Energy conversion efficiency in human left ventricle.
BACKGROUND Left ventricular mechanical efficiency is one of the most important measures of left ventricular pump performance. Several clinical studies, however, have shown that mechanical efficiency does not fall substantially as the heart fails. To clarify the insensitivity of mechanical efficiency to the change in pump performance, we analyzed human left ventricular mechanical efficiency, applying the concept of left ventricular systolic pressure-volume area (PVA).
METHODS AND RESULTS PVA correlates linearly with myocardial oxygen consumption per beat (MVO2): MVO2 = a.PVA+b, and represents the total mechanical energy of contraction. We determined MVO2-PVA relation and external work in 11 patients with different contractile states. We also calculated the energy transfer from MVO2 to PVA (PVA/MVO2 efficiency), that from PVA to external work (work efficiency), and mechanical efficiency (external work/MVO2). Left ventricular pressure-volume loops were constructed by plotting the instantaneous left ventricular pressure against the left ventricular volume at baseline and during pressure loading. The contractile properties of the ventricle were defined by the slope of the end-systolic pressure-volume relation (Ees). Pressure elevation raised external work by 41.4%, PVA by 71.2%, and MVO2 by 54.5%. These changes were associated with a decrease in work efficiency and an increase in PVA/MVO2 efficiency. The opposite directional changes in these two efficiencies rendered the mechanical efficiency constant. The slope, a, of the relation between MVO2 and PVA was relatively constant (2.46 +/- 0.33) over the range of 0.8-8.8 mm Hg/ml of Ees, but the oxygen axis intercept, b, tended to decrease with the reduction in Ees. PVA/MVO2 efficiency correlated inversely (r = -0.66, p less than 0.05) with Ees, whereas work efficiency correlated linearly with Ees (r = 0.91, p less than 0.01).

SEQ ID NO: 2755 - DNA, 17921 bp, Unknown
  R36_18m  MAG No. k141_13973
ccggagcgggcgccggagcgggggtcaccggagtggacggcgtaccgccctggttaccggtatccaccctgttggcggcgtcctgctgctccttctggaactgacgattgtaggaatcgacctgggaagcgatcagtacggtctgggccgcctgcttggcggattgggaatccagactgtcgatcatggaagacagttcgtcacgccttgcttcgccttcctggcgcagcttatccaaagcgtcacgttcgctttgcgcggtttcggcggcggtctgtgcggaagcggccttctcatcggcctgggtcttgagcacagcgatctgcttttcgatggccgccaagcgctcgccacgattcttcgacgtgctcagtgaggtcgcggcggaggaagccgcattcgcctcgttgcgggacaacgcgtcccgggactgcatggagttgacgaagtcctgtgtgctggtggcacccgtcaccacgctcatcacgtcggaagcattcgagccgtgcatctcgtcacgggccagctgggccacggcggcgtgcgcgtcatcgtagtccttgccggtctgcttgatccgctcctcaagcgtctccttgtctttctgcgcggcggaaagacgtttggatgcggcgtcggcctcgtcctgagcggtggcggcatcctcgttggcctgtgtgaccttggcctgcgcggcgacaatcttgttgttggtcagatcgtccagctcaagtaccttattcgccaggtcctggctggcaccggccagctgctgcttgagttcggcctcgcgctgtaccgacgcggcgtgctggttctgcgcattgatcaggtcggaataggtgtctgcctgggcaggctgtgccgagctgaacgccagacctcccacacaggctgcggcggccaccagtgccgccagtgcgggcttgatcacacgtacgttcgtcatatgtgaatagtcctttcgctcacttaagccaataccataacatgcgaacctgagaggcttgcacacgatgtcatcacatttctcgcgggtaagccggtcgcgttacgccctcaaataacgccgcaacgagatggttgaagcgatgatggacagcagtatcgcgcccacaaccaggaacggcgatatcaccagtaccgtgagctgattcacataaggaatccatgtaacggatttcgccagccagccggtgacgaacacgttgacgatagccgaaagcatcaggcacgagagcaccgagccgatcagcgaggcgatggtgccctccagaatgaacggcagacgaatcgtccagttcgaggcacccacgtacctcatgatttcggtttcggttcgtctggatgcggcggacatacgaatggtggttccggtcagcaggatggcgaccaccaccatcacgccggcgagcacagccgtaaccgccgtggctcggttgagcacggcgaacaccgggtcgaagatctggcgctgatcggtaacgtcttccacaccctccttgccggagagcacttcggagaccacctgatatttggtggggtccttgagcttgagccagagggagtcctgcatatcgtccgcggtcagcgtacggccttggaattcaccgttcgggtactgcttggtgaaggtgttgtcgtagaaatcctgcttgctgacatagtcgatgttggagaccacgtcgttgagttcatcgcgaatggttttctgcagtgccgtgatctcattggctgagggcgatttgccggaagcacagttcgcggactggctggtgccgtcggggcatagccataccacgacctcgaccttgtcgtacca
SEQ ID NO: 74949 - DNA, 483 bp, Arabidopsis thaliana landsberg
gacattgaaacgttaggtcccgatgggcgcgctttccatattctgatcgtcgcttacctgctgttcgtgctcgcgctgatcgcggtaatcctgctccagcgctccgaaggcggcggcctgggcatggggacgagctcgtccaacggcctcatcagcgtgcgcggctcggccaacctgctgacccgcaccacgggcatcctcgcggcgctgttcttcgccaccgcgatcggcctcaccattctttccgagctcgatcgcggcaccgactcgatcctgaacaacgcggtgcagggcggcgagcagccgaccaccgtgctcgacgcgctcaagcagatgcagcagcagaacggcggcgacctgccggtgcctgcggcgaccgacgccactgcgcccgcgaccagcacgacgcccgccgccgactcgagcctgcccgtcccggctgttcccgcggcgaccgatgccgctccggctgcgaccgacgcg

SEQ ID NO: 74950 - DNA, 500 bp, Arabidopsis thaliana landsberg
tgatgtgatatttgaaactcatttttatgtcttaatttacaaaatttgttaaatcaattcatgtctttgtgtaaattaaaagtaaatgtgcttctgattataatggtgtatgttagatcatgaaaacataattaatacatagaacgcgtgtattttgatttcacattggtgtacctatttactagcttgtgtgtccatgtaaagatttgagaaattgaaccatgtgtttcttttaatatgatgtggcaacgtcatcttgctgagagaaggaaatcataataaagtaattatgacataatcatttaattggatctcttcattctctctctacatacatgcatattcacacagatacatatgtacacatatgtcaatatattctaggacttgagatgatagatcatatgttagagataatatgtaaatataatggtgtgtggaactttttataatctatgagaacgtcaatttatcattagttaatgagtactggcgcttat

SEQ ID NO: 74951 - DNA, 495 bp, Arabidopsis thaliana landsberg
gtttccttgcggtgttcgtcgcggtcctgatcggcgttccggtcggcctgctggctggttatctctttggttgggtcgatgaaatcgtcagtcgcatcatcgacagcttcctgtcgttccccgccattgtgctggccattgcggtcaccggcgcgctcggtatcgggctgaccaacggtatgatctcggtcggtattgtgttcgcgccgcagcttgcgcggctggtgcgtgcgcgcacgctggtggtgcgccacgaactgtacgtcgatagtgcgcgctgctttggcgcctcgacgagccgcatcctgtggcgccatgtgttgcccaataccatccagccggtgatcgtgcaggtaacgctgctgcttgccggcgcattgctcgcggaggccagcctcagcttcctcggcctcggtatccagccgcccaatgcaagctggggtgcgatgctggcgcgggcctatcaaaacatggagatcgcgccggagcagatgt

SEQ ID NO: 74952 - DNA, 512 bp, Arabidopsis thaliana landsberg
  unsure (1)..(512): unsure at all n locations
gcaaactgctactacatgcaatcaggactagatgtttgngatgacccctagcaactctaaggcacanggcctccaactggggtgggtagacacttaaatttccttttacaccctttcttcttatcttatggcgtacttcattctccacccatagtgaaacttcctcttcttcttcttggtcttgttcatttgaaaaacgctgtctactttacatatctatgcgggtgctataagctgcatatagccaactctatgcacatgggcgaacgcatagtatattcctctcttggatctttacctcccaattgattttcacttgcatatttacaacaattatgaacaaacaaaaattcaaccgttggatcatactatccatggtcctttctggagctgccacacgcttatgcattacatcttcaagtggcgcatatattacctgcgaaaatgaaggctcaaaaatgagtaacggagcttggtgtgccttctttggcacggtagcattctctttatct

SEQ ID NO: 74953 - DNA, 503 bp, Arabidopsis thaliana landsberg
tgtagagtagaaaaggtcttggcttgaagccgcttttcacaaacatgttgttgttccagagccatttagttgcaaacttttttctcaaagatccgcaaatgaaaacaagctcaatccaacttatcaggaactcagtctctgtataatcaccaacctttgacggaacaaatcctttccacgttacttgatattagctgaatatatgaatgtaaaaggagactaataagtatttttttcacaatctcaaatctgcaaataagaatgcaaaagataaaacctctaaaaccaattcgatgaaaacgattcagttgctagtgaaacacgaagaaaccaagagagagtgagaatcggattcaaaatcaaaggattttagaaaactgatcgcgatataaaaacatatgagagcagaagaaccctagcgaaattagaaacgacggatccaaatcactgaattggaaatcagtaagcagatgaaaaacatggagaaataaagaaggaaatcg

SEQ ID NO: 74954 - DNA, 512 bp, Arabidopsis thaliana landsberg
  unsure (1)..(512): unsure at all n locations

CONCLUSIONS Mechanical efficiency is not appreciably affected by changes in loading and inotropic conditions as long as the left ventricular contractility is not severely depressed.
- Copyright © 1992 by American Heart Association